President Barack Obama spoke to troops and Defense employees minutes after news that congressional inaction had shut down the government, offering some consolation to a department already rocked by budget shortfalls.
In a video released minutes after the government officially shut down, Obama said he would ensure that men and women in uniform would have all they need to defend the nation, including their paychecks on time. Congress was able to pass legislation ensuring service members are still paid during the shutdown, which Obama signed Tuesday.
It's a different story for DOD civilians, who will not receive paychecks until after Capitol Hill passes a budget bill, regardless of whether they are furloughed. Congress would also have to decide separately if any of these workers would receive back pay. Obama told these civilians they "deserve more than the dysfunction we're seeing in Congress."
"I know the days ahead could mean more uncertainty," said Obama, speaking to the roughly 400,000 Defense civilians whose jobs are not "excepted" from the shutdown and will be sent home. By law, only uniformed servicemembers and civilians in direct support of essential missions are allowed to keep working.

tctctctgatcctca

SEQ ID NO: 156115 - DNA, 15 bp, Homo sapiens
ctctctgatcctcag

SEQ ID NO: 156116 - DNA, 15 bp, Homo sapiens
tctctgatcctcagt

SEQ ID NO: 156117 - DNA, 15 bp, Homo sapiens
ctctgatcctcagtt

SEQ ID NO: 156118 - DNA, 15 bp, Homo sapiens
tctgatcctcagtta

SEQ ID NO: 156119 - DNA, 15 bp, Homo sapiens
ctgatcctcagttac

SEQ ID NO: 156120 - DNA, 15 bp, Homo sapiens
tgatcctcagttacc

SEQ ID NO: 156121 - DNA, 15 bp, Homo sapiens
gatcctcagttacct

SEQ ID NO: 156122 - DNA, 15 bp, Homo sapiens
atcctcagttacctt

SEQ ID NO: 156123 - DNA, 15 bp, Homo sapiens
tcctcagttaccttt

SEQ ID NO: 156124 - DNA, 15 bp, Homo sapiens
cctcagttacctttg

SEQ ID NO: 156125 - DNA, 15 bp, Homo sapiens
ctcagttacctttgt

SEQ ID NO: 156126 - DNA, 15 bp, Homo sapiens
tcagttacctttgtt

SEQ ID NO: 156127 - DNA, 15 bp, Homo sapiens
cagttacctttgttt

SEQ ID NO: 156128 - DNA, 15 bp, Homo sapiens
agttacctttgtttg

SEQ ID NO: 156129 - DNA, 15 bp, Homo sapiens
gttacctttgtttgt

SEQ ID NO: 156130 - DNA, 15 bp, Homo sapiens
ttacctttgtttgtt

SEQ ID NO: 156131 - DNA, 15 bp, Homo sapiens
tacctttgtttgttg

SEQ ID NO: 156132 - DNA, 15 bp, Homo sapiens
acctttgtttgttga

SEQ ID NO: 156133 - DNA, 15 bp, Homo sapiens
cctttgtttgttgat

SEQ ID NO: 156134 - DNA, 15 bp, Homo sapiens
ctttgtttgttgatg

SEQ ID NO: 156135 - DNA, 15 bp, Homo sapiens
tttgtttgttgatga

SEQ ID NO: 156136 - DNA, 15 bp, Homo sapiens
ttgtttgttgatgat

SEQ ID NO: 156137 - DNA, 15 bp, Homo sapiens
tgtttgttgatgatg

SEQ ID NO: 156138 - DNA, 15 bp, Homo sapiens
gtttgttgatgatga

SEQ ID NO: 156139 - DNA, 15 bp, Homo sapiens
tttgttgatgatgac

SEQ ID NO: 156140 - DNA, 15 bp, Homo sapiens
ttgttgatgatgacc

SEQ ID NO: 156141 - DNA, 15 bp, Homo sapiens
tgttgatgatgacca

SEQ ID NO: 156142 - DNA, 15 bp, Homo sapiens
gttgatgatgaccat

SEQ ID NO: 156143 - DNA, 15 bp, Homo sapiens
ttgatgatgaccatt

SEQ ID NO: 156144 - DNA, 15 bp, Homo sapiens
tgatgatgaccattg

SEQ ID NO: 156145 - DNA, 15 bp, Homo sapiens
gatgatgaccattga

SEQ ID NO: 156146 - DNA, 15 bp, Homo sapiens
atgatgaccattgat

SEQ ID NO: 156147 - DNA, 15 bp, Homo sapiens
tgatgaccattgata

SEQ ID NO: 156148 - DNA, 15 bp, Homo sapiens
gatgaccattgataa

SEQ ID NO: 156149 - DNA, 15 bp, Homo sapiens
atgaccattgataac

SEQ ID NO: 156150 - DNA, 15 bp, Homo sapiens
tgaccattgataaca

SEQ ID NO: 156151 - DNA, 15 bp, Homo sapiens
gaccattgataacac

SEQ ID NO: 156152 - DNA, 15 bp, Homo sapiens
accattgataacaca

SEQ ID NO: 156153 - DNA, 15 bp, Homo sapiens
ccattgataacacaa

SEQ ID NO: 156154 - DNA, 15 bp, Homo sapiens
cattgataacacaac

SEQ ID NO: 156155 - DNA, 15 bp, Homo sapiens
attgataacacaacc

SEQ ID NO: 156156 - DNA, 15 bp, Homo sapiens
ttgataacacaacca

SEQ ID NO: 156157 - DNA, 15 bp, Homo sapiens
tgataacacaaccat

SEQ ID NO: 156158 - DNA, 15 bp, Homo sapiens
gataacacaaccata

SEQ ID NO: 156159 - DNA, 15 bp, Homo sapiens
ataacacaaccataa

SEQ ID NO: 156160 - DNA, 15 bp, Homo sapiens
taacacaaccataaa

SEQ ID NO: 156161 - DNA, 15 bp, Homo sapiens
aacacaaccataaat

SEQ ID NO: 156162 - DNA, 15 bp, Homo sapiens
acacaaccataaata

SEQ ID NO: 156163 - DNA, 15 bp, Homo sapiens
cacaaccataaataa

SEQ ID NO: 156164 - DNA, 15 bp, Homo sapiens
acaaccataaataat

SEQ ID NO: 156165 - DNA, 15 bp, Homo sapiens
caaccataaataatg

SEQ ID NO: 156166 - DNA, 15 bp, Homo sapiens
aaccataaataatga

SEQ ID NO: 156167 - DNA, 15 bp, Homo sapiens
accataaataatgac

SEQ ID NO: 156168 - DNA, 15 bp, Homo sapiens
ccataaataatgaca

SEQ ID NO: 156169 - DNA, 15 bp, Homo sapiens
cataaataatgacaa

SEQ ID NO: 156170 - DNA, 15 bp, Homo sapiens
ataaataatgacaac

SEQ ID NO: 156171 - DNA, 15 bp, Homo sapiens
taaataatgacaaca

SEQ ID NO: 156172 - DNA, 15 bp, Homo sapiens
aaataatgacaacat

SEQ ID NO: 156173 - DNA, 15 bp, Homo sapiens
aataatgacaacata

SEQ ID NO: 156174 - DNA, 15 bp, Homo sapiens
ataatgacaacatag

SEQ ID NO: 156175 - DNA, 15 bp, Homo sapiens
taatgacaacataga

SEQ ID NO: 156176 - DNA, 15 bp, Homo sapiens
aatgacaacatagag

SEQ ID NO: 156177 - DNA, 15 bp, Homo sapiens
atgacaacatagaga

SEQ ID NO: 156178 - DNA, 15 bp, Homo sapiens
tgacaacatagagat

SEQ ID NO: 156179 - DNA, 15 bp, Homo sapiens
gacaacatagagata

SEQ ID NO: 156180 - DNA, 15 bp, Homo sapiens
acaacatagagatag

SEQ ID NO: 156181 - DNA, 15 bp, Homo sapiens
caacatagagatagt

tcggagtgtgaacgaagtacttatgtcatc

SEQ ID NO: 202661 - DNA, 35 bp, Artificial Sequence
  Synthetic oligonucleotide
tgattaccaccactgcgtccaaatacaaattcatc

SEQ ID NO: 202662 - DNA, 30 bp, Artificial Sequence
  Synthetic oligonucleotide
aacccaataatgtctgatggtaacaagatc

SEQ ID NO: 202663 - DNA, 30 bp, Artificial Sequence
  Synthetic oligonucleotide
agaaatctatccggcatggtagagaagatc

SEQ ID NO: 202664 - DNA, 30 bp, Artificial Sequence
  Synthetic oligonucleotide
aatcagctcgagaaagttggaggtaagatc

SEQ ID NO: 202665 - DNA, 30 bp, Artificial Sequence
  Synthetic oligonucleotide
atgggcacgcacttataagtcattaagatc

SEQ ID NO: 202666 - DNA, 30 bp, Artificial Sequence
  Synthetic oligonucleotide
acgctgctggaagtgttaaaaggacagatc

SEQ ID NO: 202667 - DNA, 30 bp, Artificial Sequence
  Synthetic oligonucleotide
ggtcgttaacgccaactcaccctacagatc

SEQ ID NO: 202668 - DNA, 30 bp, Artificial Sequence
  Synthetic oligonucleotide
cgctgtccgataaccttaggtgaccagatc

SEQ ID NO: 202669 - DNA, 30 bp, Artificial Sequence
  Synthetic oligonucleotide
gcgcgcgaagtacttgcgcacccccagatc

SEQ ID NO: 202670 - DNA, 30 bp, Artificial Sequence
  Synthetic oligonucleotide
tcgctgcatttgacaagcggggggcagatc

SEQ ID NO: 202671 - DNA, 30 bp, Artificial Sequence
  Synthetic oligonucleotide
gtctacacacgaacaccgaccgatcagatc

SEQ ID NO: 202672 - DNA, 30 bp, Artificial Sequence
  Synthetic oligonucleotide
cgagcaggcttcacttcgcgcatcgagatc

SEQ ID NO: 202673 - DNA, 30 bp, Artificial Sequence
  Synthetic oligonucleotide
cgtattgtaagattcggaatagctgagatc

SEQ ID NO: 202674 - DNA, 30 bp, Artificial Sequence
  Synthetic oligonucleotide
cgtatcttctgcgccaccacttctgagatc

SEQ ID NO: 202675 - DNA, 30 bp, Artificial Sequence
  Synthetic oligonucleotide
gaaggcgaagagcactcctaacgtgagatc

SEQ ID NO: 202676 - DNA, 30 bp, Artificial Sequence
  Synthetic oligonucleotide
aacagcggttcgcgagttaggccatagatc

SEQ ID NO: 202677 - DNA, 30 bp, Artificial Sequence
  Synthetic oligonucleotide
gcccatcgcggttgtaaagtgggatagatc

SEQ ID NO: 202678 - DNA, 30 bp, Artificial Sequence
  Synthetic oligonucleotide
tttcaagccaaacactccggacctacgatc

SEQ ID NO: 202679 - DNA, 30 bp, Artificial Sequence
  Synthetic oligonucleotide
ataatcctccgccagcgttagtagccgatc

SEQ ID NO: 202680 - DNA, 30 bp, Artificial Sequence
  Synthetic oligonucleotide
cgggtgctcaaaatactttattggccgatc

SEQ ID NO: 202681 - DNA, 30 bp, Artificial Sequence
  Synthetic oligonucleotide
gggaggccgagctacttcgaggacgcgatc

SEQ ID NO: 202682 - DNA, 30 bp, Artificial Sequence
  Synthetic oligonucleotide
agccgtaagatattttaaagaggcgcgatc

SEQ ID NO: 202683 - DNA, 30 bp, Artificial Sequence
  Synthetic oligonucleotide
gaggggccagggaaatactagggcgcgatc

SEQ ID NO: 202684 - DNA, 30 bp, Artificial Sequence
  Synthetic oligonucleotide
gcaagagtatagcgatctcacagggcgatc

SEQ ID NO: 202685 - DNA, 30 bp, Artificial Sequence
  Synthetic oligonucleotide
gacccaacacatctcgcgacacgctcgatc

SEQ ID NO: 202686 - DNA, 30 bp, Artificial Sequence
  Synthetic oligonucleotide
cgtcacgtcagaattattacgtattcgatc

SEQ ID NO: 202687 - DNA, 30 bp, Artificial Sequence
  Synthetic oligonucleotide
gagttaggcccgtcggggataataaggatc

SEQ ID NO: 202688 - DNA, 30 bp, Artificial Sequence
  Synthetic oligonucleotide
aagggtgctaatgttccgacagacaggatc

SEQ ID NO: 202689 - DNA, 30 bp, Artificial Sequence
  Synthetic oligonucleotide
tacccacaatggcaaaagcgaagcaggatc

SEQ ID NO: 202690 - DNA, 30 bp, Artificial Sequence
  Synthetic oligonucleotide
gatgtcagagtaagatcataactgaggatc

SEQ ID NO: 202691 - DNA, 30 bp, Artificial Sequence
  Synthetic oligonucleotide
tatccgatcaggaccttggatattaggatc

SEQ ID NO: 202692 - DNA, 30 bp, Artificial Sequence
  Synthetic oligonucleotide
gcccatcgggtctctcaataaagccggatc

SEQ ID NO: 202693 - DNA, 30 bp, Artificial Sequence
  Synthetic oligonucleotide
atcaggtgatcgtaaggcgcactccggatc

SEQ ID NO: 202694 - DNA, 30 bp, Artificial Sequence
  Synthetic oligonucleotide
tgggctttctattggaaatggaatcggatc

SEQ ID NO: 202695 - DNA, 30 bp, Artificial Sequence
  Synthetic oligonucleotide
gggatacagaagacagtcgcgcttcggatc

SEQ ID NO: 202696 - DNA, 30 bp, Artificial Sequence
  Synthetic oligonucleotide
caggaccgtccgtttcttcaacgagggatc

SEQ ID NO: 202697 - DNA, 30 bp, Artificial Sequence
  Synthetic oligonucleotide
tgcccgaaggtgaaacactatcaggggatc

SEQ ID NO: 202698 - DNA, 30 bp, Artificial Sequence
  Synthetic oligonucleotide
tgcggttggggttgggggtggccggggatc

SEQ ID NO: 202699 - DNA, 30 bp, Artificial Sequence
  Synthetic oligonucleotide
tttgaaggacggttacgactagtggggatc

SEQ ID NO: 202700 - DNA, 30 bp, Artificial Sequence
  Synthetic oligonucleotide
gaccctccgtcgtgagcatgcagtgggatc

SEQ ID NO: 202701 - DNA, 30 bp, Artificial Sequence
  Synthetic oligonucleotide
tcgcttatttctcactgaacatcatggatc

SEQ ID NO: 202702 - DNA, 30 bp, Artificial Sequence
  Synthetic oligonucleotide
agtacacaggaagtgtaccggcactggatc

Veterans organizations were quick to criticize the government for the financial burden it is placing on troops and the civilians who support them.
"Members of Congress must assure us that a government shutdown must not in any way affect our nation's defense," said Daniel Dellinger, national commander of the American Legion veterans group. "Servicemembers must be paid regardless of the government's status. Troop morale would be seriously compromised, as would quality of life for military families, by the economic uncertainty resulting from a pay freeze."
Furloughs and pay freezes "are equally serious and threatening to our national security," particularly during wartime, Dellinger said in a Monday statement.
"Congress must act to make sure that our troops are paid, no matter what, and that their civilian supporters continue on duty and on the payroll," he said. "This is absolutely essential."
The shutdown is yet another weight on the backs of Defense employees. Roughly 650,000 were subjected to six days of furlough this summer under the across-the-board cuts known as sequestration. The Pentagon also continues to operate under a continuing resolution from Congress, limiting it to 2012 spending levels.
The military is shrinking its numbers after coming home from the war in Iraq and drawing down from Afghanistan. The Army could trim as many as 80,000 soldiers by 2017.
Creating this "leaner military" is going to cause further difficult budget choices, Obama said.
"I'm going to keep fighting to get rid of those across-the-board budget cuts, the sequester, which are hurting our military and our economy," he said.
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